The speculation was further fueled by lack of easily available information and homonymity with look-alike words that meant something else in French. However, "breches", more often written "brèches" in French and sometimes "brêches", does not mean at all "breeches". Yes, "breches" can smell animalic, but it has to do with the natural musky, animalic overtones of honeycomb. "Brèches" means "honeycomb" or even more particularly according to a 1935 agricultural dictionary written by Tammo Jacob Bezemer, means something more specialized than that, that is an "old comb"as opposed to a fresh one.
In using the name Moss Breches, Tom Ford was making use of a rare word in French that is most often encountered in treatises on apiculture and sometimes in perfumery given the ties existing between agriculture and the art of perfumery. The lack of accent, the coupling with an English name is a bit disconcerting, yet useful to create a sense of the precious and the rare. Maybe there is note of humor in it too if ever Tom Ford himself thought he heard the word "breeches" the first time he heard the word "breches".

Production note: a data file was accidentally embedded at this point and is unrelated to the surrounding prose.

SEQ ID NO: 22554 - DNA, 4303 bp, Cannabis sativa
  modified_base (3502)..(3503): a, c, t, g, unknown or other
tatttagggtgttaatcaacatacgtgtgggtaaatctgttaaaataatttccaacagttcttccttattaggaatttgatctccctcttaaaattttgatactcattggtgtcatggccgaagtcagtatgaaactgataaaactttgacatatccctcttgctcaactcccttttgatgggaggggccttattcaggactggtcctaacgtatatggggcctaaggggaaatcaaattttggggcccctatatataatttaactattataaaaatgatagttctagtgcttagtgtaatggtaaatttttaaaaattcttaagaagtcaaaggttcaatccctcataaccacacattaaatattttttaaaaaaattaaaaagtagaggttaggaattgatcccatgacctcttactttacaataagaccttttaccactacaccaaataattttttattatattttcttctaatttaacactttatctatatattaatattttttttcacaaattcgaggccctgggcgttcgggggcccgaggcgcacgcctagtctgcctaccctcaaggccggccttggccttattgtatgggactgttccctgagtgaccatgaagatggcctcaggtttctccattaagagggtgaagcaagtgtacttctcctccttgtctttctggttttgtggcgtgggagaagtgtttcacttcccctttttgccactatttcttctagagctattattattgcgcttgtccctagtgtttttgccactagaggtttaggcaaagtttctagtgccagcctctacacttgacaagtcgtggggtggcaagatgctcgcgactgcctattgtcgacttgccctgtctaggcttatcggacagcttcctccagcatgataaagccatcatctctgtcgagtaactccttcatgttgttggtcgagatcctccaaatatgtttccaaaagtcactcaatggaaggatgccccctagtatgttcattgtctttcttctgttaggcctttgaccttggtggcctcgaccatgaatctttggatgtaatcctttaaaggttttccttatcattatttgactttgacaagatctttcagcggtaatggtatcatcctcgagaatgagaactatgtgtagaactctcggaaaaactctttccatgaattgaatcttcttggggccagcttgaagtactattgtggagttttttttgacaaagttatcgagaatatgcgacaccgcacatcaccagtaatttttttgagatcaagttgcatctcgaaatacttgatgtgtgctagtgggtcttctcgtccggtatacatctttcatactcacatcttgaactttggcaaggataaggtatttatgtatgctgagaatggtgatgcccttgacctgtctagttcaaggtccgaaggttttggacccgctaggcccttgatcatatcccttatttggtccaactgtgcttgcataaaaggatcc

So Moss Breches ultimately refers to two key ingredients in the composition of the perfume, the rendering of oakmoss as it is a chypre and beeswax absolute. Similar in this regard with Comptoir Sud Pacifique Eau de Naphé, we see here an attempt to enrich and vary the vocabulary of perfumery, capture our attention by rediscovering rare traditional terms and putting them on a perfume label.